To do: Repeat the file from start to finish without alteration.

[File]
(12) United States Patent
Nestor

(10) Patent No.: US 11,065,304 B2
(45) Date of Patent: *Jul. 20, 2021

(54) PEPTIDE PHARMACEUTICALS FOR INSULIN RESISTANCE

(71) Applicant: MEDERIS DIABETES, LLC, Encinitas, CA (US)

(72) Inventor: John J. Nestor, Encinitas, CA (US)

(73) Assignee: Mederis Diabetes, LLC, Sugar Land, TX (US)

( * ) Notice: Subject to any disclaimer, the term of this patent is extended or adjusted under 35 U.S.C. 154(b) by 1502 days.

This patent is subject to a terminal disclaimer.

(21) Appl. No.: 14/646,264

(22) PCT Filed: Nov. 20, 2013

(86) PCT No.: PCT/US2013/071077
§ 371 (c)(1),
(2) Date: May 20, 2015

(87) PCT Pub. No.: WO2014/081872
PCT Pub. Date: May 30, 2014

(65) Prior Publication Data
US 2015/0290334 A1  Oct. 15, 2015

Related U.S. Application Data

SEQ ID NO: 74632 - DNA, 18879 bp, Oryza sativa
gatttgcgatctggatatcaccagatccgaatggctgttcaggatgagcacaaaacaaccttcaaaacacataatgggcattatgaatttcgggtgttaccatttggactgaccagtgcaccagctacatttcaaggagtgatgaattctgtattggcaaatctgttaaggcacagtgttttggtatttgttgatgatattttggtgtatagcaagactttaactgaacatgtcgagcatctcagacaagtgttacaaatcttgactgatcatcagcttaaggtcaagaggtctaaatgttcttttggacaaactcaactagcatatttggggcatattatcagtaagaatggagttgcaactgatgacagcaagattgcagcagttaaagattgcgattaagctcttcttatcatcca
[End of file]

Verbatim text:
(12) United States Patent
Nestor

(10) Patent No.: US 11,065,304 B2
(45) Date of Patent: *Jul. 20, 2021

(54) PEPTIDE PHARMACEUTICALS FOR INSULIN RESISTANCE

(71) Applicant: MEDERIS DIABETES, LLC, Encinitas, CA (US)

(72) Inventor: John J. Nestor, Encinitas, CA (US)

(73) Assignee: Mederis Diabetes, LLC, Sugar Land, TX (US)

( * ) Notice: Subject to any disclaimer, the term of this patent is extended or adjusted under 35 U.S.C. 154(b) by 1502 days.

This patent is subject to a terminal disclaimer.

(21) Appl. No.: 14/646,264

(22) PCT Filed: Nov. 20, 2013

(86) PCT No.: PCT/US2013/071077
§ 371 (c)(1),
(2) Date: May 20, 2015

(87) PCT Pub. No.: WO2014/081872
PCT Pub. Date: May 30, 2014

(65) Prior Publication Data
US 2015/0290334 A1  Oct. 15, 2015

Related U.S. Application Data

SEQ ID NO: 74632 - DNA, 18879 bp, Oryza sativa
gatttgcgatctggatatcaccagatccgaatggctgttcaggatgagcacaaaacaaccttcaaaacacataatgggcattatgaatttcgggtgttaccatttggactgaccagtgcaccagctacatttcaaggagtgatgaattctgtattggcaaatctgttaaggcacagtgttttggtatttgttgatgatattttggtgtatagcaagactttaactgaacatgtcgagcatctcagacaagtgttacaaatcttgactgatcatcagcttaaggtcaagaggtctaaatgttcttttggacaaactcaactagcatatttggggcatattatcagtaagaatggagttgcaactgatgacagcaagattgcagcagttaaagattgcgattaagctcttcttatcatcca